Thursday 8 April 2010

The Lord of the 300 Mummies: Return of the Kraken

12A – 106mins – 2010
Written by: Travis Beacham, Phil Hay and Matt Manfredi
Adapted from the 1981 screenplay by: Beverley Cross
Directed by: Louis Leterrier
Starring: Sam Worthington, Liam Neeson, Ralph Fiennes, Tine Stapelfedt, Mads Mikkelsen, Luke Evans, Jason Flemming, Gemma Arterton, Hans Matheson, Pete Postlethwaite


Well the good news is it isn’t as disastrously bad as the critics make out. The bad news is it still isn’t great. Put it this way: I can’t see Clash 2010 being as fondly remembered as Clash 1981 in 30 years time. But then, watching the original in recent weeks (it’s all about the research at The CR@B Shack), I failed to see why that is so fondly remembered either... Back to the present, and heeding prior warning I avoided the allegedly abysmal 3D ‘upgrade’ and stuck to good ole’ fashioned two dimensional viewing. I couldn’t pinpoint any scenes which would have benefited from an added dimension – but I suppose that’s because the film was never written or shot with 3D in mind…

Tweaking the intricacies of the original’s plot but still keeping – roughly – within the grandiose guidelines (though being truly flippant with Greek mythology), Louis Leterrier’s frenetic update sees demi-god-come-fisherman-come-mankind’s-saviour Perseus (Sam Worthington) leading a small army of warriors against a myriad of giant scorpions, deformed monsters (Jason Flemming as Calibos), sightless witches (see pic, above), the snake-haired Medusa and the beastly, sea-dwelling Kraken. Their quest is to evade the sacrifice of the Princess Andromeda (Alexa Davalos) and save the city of Argos, which has fallen foul of the god’s wrath after its inhabitants felled a statue of mighty Zeus (Liam Neeson, donning the shiniest of shiny armour).

Despite forming half of the battle, the Olympian god’s are – for the most part – relegated to cameo roles. For instance, I’m not even sure if Poseidon (played, according to, by Danny Heuston!!) featured at all, because aside from Zeus and Hades, all the other gods are about as useful as marble statues; bland, speechless forms void of character that are ushered away the minute anything remotely interesting kicks off. Ralph Fiennes does well to embody slimy evil in the devilish and cursed character of Hades, but quite why a powerful and immortal god hobbles around like an aching octogenarian in a raggedy cloak is beyond me? Yes, I get that he has been tricked by Zeus into lording over the underworld, but if he has the power to apparate, fly and command the Kraken, then surely he can magic himself up a new outfit befitting a god?

A further niggle I have is the sheer pettiness of the god’s, who really should know better. With great power comes great responsibility – and a truly malevolence idea of 'appropriate' vengeance, apparently. I was especially infuriated at the epilogue when Zeus downplayed the entire saga and the deaths of thousands of innocent Argos civilians with a whimsical click of his fingers and cheeky smirk – if things were that easy to undo, then why put man through such pain and misery? Additionally, having ageless Io (Gemma Arteton) tag along as Perseus’s guardian-come-love-interest was an unnecessary alteration to the story (in the original he fell for Andromeda and went on to become king); her only purpose being narration and exposition.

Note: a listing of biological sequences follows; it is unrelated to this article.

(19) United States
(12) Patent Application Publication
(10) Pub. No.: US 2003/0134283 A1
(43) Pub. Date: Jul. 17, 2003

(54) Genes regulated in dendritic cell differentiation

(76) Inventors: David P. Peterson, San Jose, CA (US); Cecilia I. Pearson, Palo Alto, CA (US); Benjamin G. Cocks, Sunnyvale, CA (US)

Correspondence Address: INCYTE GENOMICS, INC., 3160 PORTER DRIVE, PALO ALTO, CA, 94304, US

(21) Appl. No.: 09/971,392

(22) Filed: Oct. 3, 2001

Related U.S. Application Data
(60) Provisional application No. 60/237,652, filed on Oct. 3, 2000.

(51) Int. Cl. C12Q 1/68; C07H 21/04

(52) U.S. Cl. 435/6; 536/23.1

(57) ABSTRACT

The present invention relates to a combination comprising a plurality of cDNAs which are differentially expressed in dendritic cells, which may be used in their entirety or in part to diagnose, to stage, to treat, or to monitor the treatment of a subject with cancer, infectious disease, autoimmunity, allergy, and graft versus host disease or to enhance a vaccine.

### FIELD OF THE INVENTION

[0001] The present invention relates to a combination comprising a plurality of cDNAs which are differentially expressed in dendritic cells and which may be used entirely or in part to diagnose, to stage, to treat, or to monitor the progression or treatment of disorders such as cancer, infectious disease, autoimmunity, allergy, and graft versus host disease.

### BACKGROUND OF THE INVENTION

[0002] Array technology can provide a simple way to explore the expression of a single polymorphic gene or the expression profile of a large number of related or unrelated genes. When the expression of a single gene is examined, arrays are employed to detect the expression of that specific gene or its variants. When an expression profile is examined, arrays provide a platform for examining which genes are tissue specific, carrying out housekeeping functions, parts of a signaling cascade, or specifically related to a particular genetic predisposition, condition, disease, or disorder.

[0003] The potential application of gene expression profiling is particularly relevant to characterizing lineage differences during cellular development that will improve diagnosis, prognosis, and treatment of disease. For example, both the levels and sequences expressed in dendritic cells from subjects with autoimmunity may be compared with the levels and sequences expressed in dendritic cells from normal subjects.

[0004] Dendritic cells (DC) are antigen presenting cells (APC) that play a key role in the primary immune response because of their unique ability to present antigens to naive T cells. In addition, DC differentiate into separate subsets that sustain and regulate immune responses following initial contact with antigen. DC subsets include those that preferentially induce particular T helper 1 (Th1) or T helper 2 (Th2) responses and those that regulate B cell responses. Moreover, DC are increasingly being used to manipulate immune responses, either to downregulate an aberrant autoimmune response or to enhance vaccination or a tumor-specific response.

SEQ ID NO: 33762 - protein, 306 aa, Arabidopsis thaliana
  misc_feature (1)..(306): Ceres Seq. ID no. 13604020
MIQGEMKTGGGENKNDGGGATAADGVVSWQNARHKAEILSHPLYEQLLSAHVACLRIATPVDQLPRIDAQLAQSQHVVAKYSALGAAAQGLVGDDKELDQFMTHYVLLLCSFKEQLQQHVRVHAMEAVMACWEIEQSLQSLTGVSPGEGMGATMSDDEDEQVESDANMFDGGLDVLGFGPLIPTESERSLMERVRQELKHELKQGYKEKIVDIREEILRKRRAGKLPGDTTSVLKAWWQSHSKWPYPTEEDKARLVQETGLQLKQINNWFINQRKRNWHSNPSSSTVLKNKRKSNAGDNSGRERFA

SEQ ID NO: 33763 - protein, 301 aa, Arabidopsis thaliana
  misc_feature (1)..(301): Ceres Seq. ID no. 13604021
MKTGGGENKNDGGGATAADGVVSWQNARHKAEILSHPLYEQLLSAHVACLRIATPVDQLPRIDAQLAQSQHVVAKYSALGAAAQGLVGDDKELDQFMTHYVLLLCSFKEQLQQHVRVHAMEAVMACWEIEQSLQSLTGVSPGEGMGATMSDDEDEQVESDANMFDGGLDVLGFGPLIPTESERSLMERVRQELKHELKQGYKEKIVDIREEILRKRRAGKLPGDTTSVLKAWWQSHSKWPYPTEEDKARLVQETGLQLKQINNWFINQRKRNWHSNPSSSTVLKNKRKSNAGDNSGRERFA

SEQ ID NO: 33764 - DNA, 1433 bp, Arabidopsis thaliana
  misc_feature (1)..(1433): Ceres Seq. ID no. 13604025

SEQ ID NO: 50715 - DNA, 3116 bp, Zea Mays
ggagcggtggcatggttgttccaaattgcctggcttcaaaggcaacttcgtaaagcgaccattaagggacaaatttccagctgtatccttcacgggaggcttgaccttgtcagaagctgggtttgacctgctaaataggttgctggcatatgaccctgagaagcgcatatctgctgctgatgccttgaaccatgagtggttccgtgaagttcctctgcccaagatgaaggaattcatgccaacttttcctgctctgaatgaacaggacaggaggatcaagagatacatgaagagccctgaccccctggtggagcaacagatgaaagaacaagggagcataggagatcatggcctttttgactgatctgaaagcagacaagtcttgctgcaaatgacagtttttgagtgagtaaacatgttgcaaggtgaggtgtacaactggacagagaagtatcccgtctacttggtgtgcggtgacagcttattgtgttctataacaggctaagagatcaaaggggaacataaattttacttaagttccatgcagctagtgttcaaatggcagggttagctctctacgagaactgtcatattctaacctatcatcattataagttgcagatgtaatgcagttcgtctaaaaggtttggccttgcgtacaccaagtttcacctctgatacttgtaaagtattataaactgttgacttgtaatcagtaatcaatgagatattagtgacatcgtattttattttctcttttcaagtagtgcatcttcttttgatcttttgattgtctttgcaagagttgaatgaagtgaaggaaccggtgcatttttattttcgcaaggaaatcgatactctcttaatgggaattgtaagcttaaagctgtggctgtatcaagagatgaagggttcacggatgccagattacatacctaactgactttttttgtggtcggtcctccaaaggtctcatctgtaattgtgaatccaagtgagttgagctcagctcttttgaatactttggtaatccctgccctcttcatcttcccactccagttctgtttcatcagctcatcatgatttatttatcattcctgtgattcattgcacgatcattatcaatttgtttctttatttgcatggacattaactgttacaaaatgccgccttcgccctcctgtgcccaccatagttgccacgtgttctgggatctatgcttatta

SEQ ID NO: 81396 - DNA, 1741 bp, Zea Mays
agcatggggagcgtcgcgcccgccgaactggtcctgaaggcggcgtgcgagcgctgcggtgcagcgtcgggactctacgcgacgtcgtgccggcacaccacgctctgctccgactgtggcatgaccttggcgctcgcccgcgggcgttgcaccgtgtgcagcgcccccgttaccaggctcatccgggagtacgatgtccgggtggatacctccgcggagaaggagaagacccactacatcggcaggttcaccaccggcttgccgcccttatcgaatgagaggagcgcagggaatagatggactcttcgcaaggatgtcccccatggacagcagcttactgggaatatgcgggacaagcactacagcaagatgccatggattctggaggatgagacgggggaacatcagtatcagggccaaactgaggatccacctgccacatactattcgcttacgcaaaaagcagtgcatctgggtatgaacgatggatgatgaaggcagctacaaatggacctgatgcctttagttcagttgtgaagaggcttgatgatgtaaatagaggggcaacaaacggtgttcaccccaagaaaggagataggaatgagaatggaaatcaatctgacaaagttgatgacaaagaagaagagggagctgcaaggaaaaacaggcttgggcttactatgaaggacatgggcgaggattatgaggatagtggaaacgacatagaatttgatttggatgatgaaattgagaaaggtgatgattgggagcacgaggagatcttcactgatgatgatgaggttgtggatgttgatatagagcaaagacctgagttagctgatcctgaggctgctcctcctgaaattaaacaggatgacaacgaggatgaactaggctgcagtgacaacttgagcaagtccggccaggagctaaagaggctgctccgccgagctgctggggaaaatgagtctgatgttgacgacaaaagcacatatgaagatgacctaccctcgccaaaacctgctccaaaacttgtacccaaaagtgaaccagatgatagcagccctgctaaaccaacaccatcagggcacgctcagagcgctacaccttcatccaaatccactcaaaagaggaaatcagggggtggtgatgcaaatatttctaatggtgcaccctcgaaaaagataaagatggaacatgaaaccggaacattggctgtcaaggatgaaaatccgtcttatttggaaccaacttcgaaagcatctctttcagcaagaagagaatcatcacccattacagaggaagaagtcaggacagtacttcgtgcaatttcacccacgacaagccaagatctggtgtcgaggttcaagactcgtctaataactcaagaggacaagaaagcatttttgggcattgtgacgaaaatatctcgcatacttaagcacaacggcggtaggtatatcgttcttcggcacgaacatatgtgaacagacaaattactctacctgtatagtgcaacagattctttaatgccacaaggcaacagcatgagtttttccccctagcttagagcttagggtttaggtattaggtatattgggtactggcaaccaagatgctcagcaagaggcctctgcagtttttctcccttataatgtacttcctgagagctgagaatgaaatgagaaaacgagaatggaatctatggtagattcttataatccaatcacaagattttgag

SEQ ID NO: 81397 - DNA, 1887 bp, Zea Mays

Stylistically, the film struggles to find a unique aesthetic. It looks epic, but only because the sweeping mountainous landscapes recall The Lord of the Rings’s New Zealand locales, the roaming Argos army brings to mind the macho Spartan 300, the neon-blue-eyed, bark-skinned Djinn reek of The Mummy and the atrociously-computerised Medusa looks like the Scorpion King’s dead-eyed sister – but at least Stephen Sommers’s attempt at human-animal CGI characterisation has the excuse that it was rendered nearly a decade ago. As icing on the derivative cake, Titans had 3D (unnecessarily and unsuccessfully) tacked on in post-production simply to make a few extra bucks off the back of Avatar’s romping worldwide success. So, a wholly unoriginal remake – perhaps Cash-in of the Titans would have been a more fitting title?

CR@B Verdict: Swords, sandals, serpents, scorpions, sorcery and CGI – Clash of the Titans throws a lot at the screen in its decidedly un-epic running time, yet it still feels as hollow as a Djinn’s torso. A fun film, if flawed and ultimately forgettable.

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